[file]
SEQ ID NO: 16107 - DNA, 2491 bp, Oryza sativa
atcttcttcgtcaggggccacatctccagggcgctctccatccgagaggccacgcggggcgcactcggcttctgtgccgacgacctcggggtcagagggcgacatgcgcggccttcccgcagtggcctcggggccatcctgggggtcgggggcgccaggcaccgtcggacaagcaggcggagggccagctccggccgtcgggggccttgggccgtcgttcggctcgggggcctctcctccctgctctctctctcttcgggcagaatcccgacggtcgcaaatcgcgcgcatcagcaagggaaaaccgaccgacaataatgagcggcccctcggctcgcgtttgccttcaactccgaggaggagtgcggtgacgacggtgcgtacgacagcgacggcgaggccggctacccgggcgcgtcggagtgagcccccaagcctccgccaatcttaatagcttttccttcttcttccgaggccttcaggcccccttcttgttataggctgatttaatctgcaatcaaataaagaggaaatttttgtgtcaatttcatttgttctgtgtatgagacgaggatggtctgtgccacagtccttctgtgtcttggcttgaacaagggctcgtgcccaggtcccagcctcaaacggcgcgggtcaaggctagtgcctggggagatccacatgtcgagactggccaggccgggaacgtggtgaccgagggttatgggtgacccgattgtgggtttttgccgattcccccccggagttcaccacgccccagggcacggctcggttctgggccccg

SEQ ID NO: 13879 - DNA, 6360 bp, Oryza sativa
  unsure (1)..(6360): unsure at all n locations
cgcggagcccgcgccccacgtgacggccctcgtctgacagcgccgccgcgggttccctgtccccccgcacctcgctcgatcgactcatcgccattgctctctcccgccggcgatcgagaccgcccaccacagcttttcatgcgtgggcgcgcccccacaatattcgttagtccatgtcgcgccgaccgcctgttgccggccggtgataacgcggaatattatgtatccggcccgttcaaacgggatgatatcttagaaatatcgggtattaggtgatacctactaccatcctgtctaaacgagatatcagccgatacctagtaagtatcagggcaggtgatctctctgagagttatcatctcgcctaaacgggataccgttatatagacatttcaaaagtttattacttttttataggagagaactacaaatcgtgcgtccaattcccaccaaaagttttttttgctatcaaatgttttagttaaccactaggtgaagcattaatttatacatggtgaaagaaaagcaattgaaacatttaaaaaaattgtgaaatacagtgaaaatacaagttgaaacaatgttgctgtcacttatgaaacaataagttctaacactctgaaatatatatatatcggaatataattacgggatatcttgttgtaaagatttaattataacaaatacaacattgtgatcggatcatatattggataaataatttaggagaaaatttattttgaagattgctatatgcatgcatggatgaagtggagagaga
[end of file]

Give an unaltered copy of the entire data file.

SEQ ID NO: 16107 - DNA, 2491 bp, Oryza sativa
atcttcttcgtcaggggccacatctccagggcgctctccatccgagaggccacgcggggcgcactcggcttctgtgccgacgacctcggggtcagagggcgacatgcgcggccttcccgcagtggcctcggggccatcctgggggtcgggggcgccaggcaccgtcggacaagcaggcggagggccagctccggccgtcgggggccttgggccgtcgttcggctcgggggcctctcctccctgctctctctctcttcgggcagaatcccgacggtcgcaaatcgcgcgcatcagcaagggaaaaccgaccgacaataatgagcggcccctcggctcgcgtttgccttcaactccgaggaggagtgcggtgacgacggtgcgtacgacagcgacggcgaggccggctacccgggcgcgtcggagtgagcccccaagcctccgccaatcttaatagcttttccttcttcttccgaggccttcaggcccccttcttgttataggctgatttaatctgcaatcaaataaagaggaaatttttgtgtcaatttcatttgttctgtgtatgagacgaggatggtctgtgccacagtccttctgtgtcttggcttgaacaagggctcgtgcccaggtcccagcctcaaacggcgcgggtcaaggctagtgcctggggagatccacatgtcgagactggccaggccgggaacgtggtgaccgagggttatgggtgacccgattgtgggtttttgccgattcccccccggagttcaccacgccccagggcacggctcggttctgggccccg

SEQ ID NO: 13879 - DNA, 6360 bp, Oryza sativa
  unsure (1)..(6360): unsure at all n locations
cgcggagcccgcgccccacgtgacggccctcgtctgacagcgccgccgcgggttccctgtccccccgcacctcgctcgatcgactcatcgccattgctctctcccgccggcgatcgagaccgcccaccacagcttttcatgcgtgggcgcgcccccacaatattcgttagtccatgtcgcgccgaccgcctgttgccggccggtgataacgcggaatattatgtatccggcccgttcaaacgggatgatatcttagaaatatcgggtattaggtgatacctactaccatcctgtctaaacgagatatcagccgatacctagtaagtatcagggcaggtgatctctctgagagttatcatctcgcctaaacgggataccgttatatagacatttcaaaagtttattacttttttataggagagaactacaaatcgtgcgtccaattcccaccaaaagttttttttgctatcaaatgttttagttaaccactaggtgaagcattaatttatacatggtgaaagaaaagcaattgaaacatttaaaaaaattgtgaaatacagtgaaaatacaagttgaaacaatgttgctgtcacttatgaaacaataagttctaacactctgaaatatatatatatcggaatataattacgggatatcttgttgtaaagatttaattataacaaatacaacattgtgatcggatcatatattggataaataatttaggagaaaatttattttgaagattgctatatgcatgcatggatgaagtggagagaga